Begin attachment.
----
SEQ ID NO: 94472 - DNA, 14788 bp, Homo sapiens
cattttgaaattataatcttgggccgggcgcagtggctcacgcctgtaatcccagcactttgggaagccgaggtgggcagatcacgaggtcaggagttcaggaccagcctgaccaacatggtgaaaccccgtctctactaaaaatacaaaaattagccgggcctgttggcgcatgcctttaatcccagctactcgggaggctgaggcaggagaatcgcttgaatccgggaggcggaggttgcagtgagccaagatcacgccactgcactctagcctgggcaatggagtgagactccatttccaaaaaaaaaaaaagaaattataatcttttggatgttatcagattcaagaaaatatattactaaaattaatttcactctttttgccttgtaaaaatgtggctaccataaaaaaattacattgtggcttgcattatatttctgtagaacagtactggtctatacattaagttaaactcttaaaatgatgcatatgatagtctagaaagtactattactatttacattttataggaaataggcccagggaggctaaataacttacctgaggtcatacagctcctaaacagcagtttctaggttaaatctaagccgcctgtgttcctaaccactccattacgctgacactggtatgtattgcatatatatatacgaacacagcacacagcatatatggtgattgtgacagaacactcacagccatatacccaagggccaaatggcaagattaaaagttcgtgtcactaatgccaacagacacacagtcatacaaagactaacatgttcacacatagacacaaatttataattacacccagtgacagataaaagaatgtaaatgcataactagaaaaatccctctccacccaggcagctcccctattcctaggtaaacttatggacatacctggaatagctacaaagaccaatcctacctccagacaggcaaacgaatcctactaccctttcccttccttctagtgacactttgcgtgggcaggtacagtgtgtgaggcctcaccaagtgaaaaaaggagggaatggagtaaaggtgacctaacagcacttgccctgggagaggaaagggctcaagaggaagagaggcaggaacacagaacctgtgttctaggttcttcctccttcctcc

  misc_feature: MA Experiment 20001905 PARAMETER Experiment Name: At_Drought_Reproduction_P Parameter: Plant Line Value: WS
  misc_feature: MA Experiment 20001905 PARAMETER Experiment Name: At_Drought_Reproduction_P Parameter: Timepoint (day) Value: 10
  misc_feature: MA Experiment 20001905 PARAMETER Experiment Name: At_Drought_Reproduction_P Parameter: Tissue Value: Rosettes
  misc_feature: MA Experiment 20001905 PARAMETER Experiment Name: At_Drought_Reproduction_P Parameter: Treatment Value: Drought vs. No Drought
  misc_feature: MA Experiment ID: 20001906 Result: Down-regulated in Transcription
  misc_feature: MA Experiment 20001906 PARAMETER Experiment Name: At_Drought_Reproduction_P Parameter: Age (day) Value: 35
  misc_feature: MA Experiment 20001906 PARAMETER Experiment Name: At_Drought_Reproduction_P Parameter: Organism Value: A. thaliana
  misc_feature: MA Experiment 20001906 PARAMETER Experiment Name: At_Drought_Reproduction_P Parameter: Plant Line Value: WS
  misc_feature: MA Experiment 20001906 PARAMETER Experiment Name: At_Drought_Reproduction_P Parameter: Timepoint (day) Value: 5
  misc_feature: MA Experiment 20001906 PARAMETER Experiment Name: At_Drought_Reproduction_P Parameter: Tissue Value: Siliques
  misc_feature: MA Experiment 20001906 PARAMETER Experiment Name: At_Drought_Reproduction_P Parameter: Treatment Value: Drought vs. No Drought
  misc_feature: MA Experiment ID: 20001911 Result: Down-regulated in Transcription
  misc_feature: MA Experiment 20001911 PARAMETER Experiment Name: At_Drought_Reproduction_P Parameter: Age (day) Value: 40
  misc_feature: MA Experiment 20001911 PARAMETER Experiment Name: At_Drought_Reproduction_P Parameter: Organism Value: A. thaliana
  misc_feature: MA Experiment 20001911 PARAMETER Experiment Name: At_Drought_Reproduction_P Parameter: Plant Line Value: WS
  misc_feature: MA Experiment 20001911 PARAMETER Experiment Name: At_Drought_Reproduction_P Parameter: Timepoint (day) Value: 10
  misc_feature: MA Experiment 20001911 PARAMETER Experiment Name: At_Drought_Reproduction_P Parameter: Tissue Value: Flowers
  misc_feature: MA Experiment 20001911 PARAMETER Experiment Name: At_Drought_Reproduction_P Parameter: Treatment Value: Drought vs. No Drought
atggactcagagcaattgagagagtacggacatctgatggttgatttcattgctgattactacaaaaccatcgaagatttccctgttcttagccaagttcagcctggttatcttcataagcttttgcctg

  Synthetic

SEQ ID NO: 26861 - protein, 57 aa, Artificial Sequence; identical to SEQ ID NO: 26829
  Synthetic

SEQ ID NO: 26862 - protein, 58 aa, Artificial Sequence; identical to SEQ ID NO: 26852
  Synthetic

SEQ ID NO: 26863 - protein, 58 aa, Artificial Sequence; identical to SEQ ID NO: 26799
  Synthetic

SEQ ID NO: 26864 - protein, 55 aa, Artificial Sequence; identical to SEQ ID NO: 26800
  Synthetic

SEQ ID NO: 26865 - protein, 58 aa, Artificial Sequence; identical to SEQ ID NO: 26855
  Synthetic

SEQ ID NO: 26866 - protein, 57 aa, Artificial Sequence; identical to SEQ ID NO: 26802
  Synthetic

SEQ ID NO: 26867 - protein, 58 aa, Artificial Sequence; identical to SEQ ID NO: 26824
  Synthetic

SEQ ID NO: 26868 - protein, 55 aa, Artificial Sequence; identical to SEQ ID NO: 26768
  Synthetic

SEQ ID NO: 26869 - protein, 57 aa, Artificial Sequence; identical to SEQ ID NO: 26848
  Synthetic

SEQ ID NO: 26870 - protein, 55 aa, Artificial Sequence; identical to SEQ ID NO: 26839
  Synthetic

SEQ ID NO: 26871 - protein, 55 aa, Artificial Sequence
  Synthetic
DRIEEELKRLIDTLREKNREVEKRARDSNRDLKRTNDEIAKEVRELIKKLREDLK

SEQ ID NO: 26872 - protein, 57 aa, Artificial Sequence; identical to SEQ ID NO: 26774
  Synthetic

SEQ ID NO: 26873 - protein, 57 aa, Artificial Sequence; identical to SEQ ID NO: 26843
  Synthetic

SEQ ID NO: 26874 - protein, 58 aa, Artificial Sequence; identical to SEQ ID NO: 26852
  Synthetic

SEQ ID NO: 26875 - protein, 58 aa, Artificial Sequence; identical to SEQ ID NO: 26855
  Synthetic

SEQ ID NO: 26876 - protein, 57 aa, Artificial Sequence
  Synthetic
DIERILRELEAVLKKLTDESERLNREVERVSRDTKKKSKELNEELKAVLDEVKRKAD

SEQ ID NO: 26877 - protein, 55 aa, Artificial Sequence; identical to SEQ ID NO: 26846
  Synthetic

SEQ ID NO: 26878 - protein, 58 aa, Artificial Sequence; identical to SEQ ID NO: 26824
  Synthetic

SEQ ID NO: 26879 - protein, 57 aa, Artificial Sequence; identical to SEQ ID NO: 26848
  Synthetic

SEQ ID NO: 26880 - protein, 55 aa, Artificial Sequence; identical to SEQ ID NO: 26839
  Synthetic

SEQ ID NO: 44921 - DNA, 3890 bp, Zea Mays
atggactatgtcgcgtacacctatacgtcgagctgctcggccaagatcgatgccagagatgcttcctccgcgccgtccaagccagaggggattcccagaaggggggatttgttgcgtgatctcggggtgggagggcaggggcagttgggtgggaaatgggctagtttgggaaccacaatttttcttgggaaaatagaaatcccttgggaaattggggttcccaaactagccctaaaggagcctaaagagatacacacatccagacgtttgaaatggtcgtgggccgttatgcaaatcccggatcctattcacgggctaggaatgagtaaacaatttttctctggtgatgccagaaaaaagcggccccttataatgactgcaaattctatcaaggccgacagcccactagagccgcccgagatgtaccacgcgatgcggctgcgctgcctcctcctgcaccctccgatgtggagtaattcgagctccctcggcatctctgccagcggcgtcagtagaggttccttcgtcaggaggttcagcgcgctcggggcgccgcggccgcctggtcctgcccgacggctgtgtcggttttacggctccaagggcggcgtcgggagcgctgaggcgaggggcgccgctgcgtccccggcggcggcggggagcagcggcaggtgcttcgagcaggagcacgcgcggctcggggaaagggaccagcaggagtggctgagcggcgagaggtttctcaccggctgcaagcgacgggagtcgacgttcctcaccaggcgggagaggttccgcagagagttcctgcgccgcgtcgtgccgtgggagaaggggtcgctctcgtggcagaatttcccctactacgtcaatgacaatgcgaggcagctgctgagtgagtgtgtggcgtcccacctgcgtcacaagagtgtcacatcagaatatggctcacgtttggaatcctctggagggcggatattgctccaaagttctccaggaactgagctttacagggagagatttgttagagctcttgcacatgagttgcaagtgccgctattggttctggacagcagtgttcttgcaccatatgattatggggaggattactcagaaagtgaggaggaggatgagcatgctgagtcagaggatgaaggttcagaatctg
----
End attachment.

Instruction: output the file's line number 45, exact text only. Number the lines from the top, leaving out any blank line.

DRIEEELKRLIDTLREKNREVEKRARDSNRDLKRTNDEIAKEVRELIKKLREDLK